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dc.contributor.advisorBeadie, Nancy Een_US
dc.contributor.authorBowman, Michaelen_US
dc.date.accessioned2015-09-29T18:01:45Z
dc.date.submitted2015en_US
dc.identifier.otherBowman_washington_0250E_15035.pdfen_US
dc.identifier.urihttp://hdl.handle.net/1773/33763
dc.descriptionThesis (Ph.D.)--University of Washington, 2015en_US
dc.description.abstract“Learning Place” traces the development of educational ideas amongst professional planners at the federal, regional, and local levels. As federal funds became available for the construction and re-construction of cities and regions in response to the economic crisis and world war of the 1930s and 1940s, two educational ideas amongst planners gained national attention and federal sanction. The first idea, “education in design terms,” sought to create new city and regional neighborhoods with schools and informal educative spaces as central design features in the realization of an ideal community. The second idea, “educating the public,” sought to create public awareness of, and assent to, the role of planning as an interventionist alternative to both laissez faire economics and political-economic revolution. Planners recruited educators and used educational technologies to ‘educate the public’ about planning through school curriculum, civic projects, and/or as a public relations or propaganda effort. Planners in Seattle and the Pacific Northwest– including public housing advocates, large-scale real estate developers, members of social welfare organizations, and business leaders– clashed as they maneuvered between federal dictates, local pressures, and each other in their efforts to guide the policies and practices that would make new places in the city and region. On the one hand, a small but influential group of democratic placemakers– led by Jesse Epstein and the Seattle Housing Authority– advocated the design and construction of places grounded in use value, with schools and informal educative spaces as a means of bringing heterogeneous groups of people together with the goal of dissolving antagonisms. They educated the public about their plans and designs by showing places as populated, diverse, and active. On the other hand, economic placemakers– led by members of the Pacific Northwest Regional Planning Commission and the Seattle Real Estate Board– advocated the construction of places grounded in exchange value, with central schools and informal educative spaces as amenities that increased the economic value of land and as markers that delimited inclusion and exclusion. They educated the public about their plans and designs by quite literally showing places as numerical values or by displaying them as efficient, ordered, and homogeneous. While economic placemakers used federal planning and housing policies to increase their power and increase racial segregation in schools and neighborhoods between 1934 and 1955, democratic placemakers remained active. Their alternative conceptualizations of place are a potential resource for a creative politics and a disciplined analysis and critique of proposed housing, school, and (sub)urban policies in our own time.en_US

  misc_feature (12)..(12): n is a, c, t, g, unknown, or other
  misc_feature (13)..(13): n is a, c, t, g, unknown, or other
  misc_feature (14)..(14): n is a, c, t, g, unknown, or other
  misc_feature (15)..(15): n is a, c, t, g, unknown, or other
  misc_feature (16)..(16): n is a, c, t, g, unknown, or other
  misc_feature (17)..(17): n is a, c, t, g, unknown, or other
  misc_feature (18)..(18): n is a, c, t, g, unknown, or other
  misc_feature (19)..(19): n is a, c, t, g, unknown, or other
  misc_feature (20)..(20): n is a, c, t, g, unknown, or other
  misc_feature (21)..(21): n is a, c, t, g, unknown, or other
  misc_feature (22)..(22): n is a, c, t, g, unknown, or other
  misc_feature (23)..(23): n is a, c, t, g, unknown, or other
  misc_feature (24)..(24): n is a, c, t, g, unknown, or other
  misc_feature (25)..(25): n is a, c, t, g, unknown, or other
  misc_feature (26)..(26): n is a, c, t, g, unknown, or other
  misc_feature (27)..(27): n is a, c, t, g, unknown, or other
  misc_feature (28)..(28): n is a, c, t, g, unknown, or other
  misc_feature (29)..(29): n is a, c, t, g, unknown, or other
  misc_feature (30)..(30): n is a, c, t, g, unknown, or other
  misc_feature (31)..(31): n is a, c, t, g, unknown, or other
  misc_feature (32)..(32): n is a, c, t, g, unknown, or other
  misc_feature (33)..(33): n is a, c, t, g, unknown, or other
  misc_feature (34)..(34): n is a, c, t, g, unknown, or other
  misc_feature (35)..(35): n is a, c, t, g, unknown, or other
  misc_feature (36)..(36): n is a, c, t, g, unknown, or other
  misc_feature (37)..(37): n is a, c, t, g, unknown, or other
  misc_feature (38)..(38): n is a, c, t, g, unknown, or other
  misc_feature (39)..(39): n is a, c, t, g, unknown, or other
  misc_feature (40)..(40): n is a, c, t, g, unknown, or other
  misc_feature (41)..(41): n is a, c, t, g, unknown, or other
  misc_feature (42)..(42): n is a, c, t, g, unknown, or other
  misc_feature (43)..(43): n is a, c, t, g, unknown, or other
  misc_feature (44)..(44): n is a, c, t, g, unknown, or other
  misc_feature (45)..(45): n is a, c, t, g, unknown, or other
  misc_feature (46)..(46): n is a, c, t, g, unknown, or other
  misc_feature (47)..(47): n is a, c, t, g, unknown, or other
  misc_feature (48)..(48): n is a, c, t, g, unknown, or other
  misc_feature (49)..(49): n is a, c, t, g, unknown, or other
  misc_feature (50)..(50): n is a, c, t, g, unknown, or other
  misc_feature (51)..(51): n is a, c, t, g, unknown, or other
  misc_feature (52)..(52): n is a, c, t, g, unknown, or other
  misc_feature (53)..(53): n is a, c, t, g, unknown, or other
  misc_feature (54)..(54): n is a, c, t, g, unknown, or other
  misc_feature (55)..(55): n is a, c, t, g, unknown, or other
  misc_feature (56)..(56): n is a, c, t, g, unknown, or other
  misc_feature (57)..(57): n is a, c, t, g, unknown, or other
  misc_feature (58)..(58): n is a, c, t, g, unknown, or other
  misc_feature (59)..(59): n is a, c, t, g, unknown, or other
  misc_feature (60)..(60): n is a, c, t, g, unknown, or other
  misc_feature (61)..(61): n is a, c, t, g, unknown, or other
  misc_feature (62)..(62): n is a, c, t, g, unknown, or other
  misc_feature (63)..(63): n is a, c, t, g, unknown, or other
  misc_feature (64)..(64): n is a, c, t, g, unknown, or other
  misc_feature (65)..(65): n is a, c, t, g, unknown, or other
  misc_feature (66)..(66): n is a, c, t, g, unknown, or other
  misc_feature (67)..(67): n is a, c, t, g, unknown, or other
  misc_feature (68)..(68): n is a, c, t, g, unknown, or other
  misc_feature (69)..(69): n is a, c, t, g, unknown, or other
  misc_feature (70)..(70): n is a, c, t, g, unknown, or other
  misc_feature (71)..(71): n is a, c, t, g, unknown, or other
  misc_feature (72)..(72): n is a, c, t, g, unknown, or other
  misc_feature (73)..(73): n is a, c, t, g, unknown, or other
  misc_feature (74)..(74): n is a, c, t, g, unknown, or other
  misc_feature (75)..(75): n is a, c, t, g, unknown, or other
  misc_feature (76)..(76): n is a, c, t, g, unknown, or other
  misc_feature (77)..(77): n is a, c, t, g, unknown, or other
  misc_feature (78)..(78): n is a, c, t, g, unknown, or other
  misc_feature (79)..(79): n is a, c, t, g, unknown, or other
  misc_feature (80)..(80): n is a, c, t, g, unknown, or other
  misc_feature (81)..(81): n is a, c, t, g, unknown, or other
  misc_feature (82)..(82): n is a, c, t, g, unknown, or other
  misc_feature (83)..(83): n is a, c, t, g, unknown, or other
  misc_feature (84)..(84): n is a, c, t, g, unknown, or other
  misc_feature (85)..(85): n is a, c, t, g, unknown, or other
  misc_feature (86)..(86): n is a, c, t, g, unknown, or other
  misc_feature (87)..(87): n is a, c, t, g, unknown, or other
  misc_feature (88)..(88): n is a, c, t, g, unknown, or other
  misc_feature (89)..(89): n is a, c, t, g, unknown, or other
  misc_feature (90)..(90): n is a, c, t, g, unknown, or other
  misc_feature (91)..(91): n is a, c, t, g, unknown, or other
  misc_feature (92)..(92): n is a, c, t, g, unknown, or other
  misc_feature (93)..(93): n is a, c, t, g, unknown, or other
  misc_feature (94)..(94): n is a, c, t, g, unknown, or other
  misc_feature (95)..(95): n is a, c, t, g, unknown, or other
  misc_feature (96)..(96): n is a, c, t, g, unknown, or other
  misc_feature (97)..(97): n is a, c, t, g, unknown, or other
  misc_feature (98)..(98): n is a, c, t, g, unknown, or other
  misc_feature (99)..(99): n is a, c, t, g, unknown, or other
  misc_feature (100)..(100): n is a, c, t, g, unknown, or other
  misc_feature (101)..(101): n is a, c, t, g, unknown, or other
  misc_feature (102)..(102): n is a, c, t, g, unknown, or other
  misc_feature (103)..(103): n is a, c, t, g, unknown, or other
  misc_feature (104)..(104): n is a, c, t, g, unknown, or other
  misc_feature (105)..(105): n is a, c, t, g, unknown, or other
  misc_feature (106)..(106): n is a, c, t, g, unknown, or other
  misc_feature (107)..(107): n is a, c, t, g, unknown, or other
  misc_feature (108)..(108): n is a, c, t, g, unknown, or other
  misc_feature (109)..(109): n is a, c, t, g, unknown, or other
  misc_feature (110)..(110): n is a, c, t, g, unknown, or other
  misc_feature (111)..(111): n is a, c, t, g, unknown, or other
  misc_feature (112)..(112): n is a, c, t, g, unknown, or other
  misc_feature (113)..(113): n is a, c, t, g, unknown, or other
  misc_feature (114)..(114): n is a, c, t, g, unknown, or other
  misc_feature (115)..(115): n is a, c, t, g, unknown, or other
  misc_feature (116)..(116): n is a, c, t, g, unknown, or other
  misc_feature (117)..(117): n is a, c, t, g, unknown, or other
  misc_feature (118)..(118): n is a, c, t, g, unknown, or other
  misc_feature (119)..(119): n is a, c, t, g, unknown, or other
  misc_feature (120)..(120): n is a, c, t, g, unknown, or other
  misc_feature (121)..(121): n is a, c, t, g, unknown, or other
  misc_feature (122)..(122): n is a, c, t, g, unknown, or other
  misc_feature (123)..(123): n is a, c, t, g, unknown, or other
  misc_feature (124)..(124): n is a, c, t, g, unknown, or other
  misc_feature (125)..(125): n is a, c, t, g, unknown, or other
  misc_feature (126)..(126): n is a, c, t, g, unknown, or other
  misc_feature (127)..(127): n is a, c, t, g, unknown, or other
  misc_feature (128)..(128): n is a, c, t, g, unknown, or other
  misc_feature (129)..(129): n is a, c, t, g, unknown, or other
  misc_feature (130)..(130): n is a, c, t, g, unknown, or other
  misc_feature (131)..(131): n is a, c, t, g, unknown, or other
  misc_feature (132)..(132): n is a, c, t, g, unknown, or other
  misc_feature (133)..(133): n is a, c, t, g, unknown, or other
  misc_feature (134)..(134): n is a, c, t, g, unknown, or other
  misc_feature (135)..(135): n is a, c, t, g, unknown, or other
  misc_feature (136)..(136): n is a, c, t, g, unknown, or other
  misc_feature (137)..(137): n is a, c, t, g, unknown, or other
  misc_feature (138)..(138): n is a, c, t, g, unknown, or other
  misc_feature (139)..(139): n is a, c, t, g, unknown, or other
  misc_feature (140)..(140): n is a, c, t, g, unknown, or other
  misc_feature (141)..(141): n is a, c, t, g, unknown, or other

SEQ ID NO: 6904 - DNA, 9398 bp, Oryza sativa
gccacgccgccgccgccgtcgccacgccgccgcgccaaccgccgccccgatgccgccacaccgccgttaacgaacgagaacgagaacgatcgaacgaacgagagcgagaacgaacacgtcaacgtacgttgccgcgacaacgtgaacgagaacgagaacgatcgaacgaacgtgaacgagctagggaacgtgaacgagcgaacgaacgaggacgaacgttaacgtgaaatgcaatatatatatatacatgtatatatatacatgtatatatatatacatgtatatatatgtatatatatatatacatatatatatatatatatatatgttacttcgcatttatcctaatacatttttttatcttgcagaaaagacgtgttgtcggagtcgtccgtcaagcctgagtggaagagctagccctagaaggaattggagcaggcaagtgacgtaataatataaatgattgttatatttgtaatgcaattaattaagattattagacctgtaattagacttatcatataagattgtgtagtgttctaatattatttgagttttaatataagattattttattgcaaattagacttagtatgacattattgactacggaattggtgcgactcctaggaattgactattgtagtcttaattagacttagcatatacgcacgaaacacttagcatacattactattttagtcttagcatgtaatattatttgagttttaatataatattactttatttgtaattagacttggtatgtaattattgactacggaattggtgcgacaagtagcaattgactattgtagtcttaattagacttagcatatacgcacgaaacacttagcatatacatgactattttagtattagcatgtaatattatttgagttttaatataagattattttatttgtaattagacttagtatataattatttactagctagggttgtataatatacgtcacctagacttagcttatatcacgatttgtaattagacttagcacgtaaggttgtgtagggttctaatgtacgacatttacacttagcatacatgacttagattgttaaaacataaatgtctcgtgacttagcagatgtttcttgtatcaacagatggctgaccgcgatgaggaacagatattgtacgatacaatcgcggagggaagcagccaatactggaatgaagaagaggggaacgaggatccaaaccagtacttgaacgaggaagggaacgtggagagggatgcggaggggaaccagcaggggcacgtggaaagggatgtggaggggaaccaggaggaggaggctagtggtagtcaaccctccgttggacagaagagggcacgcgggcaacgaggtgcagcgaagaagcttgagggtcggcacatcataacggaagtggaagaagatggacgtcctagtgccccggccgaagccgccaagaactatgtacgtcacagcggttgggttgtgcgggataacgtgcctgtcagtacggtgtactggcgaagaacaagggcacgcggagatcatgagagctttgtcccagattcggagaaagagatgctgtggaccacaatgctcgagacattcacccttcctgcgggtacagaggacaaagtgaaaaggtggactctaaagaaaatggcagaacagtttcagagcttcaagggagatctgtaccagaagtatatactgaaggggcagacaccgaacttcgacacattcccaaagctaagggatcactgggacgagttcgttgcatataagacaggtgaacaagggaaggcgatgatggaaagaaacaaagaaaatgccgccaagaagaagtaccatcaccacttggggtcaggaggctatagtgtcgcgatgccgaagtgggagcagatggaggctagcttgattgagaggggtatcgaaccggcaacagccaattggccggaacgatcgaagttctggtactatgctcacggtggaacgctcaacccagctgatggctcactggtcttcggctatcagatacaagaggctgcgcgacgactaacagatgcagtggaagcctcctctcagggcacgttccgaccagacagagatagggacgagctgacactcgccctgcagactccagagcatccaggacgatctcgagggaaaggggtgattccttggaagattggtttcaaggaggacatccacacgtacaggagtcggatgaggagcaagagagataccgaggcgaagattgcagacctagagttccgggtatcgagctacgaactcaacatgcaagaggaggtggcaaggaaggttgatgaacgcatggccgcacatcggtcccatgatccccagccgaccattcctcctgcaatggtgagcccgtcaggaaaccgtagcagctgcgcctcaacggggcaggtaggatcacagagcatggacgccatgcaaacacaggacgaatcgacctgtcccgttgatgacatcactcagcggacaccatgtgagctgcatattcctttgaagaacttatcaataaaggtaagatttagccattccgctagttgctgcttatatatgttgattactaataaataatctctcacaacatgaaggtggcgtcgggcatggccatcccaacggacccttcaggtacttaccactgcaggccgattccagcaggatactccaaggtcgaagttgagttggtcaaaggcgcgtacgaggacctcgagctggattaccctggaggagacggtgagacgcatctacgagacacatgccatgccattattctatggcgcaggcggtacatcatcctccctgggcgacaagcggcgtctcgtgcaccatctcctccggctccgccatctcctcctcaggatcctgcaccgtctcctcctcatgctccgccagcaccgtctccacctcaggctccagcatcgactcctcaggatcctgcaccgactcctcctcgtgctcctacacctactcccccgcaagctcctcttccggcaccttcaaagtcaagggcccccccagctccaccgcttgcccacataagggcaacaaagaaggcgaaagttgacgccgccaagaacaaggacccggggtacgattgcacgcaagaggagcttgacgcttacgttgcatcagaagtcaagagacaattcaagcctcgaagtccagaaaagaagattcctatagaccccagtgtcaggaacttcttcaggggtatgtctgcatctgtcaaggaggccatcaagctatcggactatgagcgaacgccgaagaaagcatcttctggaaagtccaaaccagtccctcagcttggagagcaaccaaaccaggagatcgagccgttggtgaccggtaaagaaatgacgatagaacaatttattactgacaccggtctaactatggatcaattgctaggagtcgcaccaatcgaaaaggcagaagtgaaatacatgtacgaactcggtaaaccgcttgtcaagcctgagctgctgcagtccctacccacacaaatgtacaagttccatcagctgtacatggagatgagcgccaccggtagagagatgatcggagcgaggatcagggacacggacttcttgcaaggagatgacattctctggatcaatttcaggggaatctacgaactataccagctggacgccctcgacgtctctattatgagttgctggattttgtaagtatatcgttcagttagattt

dc.format.mimetypeapplication/pdfen_US
dc.language.isoen_USen_US
dc.rightsCopyright is held by the individual authors.en_US
dc.subjectClarence Perry; education; neighborhood; planners; planningen_US
dc.subject.otherEducation historyen_US
dc.subject.otherUrban planningen_US
dc.subject.othereducation - seattleen_US
dc.titleLearning Place: Education and Planning in Seattle and the Pacific Northwest, 1934-1955en_US
dc.typeThesisen_US
dc.embargo.termsRestrict to UW for 5 years -- then make Open Accessen_US
dc.embargo.lift2020-09-02T18:01:45Z


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